Ice Den Scottsdale

Kimberly Hosey

 

“We can stink together.”

When your kid reaches the teenage years, encouragement about family outings sounds a little different. Enthusiastic endorsements and excited anticipation? Please, Mom. And you know I still stink at ice skating anyway.

It’s true. Though my son idolizes the grace, confidence and athleticism of skaters like Olympian Adam Rippon, we both have two left feet on the ice — and neither of those feet glide gracefully.

Still, both my 16-year-old son and I knew we’d have a blast at Ice Den Scottsdale.

That also held true for the throngs of other teens who joined us at the ice rink’s Friday night public skate session, not to mention families and kids young enough to literally skate circles around my knees.

The Ice Den — which is also the practice home of the Arizona Coyotes — offers skating classes, hosts parties, and regularly opens the ice for a few hours of public skating.

Public skating usually runs from noon to 2 p.m. Monday through Saturday and from 1:30 to 3:30 p.m. Sunday, in addition to $5 Friday Night from 7:30 to 9:30 p.m. and $10 Friends and Family Night on Saturdays from 6:15 to 8:15 p.m.

The Ice Den also offers sports camps, such as its current summer camp in partnership with Hi-Five Sports Club that fills each full day with “nonstop sports.”

My son and I chose to hit the rink Friday night, when skating is a flat $5 fee, skates included, for a 7:30 to 9:30 p.m. session (Note: Ice skating trainers for beginners are not available during Friday night sessions.)

After receiving our passes, printed with the time and date of the session, we stuck them to our clothing—though the rink advises against affixing the passes to leather, suede or other sensitive materials and provides materials to attach them to zippers or belt loops. We picked up our skates, specially included in the admission price on Friday night. (Tip: Your ice skate size will probably run one to one-and-a-half sizes smaller than your shoe size, though you can try on the skates and employees will help you find a good fit.)

As we hit the ice — cautiously — we were immediately drawn in by the upbeat, friendly, energetic atmosphere. We were lapped a few times by some “pros” (at least, pros compared to us), but there were plenty of other kids, teens, and adults wobbling along with us. The welcoming, lively vibe surrounded us along with the cool air whooshing over our faces and the notes of “Cha-Cha Slide” (we clapped, but didn’t risk any fancy footwork).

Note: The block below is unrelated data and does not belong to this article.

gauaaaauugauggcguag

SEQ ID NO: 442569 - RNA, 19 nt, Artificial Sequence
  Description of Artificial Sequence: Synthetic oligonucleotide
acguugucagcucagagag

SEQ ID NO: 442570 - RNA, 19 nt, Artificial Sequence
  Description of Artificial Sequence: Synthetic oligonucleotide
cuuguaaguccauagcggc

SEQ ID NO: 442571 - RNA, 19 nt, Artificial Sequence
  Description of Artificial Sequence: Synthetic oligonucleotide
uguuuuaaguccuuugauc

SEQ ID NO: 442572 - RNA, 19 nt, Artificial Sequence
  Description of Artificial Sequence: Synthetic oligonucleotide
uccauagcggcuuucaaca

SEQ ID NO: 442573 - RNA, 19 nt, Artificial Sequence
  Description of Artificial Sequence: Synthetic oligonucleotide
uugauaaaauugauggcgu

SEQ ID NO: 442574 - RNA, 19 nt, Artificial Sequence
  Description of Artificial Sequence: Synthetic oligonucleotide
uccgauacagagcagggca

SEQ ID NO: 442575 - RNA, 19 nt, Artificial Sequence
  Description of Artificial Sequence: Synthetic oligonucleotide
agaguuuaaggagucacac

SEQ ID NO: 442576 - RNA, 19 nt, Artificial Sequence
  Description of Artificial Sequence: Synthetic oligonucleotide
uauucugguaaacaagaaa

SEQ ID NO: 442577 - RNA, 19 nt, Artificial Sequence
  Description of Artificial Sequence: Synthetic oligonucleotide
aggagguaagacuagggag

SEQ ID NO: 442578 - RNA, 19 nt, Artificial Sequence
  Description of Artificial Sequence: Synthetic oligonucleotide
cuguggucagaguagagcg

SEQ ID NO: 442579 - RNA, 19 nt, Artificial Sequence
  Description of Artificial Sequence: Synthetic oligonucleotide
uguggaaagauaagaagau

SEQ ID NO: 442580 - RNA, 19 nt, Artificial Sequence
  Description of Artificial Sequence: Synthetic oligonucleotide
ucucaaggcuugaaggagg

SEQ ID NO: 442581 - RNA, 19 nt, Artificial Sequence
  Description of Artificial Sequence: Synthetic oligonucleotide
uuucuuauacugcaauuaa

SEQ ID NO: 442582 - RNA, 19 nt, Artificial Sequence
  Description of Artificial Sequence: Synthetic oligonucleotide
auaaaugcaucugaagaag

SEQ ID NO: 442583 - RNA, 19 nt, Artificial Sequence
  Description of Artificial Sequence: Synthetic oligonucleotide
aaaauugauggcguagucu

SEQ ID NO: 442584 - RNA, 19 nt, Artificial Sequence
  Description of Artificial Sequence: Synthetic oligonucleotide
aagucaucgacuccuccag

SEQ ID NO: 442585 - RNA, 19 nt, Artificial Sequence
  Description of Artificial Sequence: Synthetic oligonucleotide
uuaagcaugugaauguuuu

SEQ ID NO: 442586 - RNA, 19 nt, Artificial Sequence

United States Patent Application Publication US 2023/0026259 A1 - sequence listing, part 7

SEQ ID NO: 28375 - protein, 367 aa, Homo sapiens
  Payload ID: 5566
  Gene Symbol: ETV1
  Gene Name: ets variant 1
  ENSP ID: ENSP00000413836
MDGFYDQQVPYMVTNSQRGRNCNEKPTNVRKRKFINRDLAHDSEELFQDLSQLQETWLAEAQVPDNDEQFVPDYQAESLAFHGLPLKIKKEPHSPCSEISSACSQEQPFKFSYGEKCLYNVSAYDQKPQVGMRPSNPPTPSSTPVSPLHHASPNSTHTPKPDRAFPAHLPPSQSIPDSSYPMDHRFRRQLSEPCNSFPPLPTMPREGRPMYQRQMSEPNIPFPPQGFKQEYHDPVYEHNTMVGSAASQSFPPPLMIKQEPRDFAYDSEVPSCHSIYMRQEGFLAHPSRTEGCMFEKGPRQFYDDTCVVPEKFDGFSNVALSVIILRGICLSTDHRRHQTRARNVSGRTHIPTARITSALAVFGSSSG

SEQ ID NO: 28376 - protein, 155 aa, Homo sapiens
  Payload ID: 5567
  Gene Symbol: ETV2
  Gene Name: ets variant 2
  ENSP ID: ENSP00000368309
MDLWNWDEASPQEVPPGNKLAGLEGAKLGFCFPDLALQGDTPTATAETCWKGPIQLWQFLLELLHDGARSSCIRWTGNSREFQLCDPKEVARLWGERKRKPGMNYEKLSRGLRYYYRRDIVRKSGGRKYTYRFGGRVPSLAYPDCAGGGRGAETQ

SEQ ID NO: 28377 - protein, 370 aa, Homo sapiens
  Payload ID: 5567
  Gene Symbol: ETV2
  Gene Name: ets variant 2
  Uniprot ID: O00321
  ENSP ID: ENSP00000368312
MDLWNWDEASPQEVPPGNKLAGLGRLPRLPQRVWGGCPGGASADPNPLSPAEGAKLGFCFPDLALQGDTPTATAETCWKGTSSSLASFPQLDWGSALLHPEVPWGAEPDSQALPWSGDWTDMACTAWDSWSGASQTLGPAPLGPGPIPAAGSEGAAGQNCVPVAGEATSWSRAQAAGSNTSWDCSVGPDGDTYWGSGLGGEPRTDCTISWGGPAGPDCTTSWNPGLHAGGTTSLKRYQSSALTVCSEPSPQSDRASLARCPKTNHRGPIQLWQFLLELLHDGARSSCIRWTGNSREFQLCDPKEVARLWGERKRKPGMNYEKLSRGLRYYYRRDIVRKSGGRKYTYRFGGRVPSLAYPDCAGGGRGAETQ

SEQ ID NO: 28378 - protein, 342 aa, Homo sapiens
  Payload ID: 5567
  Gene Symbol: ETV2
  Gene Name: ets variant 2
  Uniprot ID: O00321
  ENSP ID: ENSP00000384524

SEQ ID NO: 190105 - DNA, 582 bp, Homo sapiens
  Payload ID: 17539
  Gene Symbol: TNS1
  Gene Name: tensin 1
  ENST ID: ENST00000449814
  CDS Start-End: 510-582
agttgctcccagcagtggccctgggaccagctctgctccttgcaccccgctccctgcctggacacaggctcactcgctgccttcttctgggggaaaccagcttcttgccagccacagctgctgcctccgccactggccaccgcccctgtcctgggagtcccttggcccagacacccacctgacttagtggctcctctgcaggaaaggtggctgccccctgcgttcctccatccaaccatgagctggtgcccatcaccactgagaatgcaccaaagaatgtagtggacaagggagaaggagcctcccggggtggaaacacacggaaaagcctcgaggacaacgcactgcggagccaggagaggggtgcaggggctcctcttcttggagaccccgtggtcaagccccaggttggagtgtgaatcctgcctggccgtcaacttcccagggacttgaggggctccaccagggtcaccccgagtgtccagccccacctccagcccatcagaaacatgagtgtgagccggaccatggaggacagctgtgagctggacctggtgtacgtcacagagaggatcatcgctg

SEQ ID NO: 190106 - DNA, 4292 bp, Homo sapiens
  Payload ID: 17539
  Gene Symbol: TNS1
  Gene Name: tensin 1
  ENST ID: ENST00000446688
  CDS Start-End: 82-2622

And we didn’t get too discouraged when two tiny skaters blurred past us to brake, dramatically, in a spray of ice shavings before hopping off the ice: It was pretty obvious this was a second home to them. Sure enough, many kids are introduced to a love of ice skating during public sessions and “graduate” to lessons, either in hockey or figure skating.

For my son and I, it will probably remain a once-in-a-while treat. Still, it was great to find an experience that makes for a fantastic family outing, no matter my kid’s age. From the amenities and staff to the atmosphere and ice, the Ice Den’s fun grew with us—even if our skills hadn’t grown much.

Visit Ice Den Scottsdale online at icedenscottsdale.com to learn more, to check public skating times, or to sign up for camps, parties, or more.

 

Ice Den Scottsdale, 9375 E. Bell Road, Scottsdale, 480.585.7465, icedenscottsdale.com.

For more fun attractions in Scottsdale, visit our attractions page.

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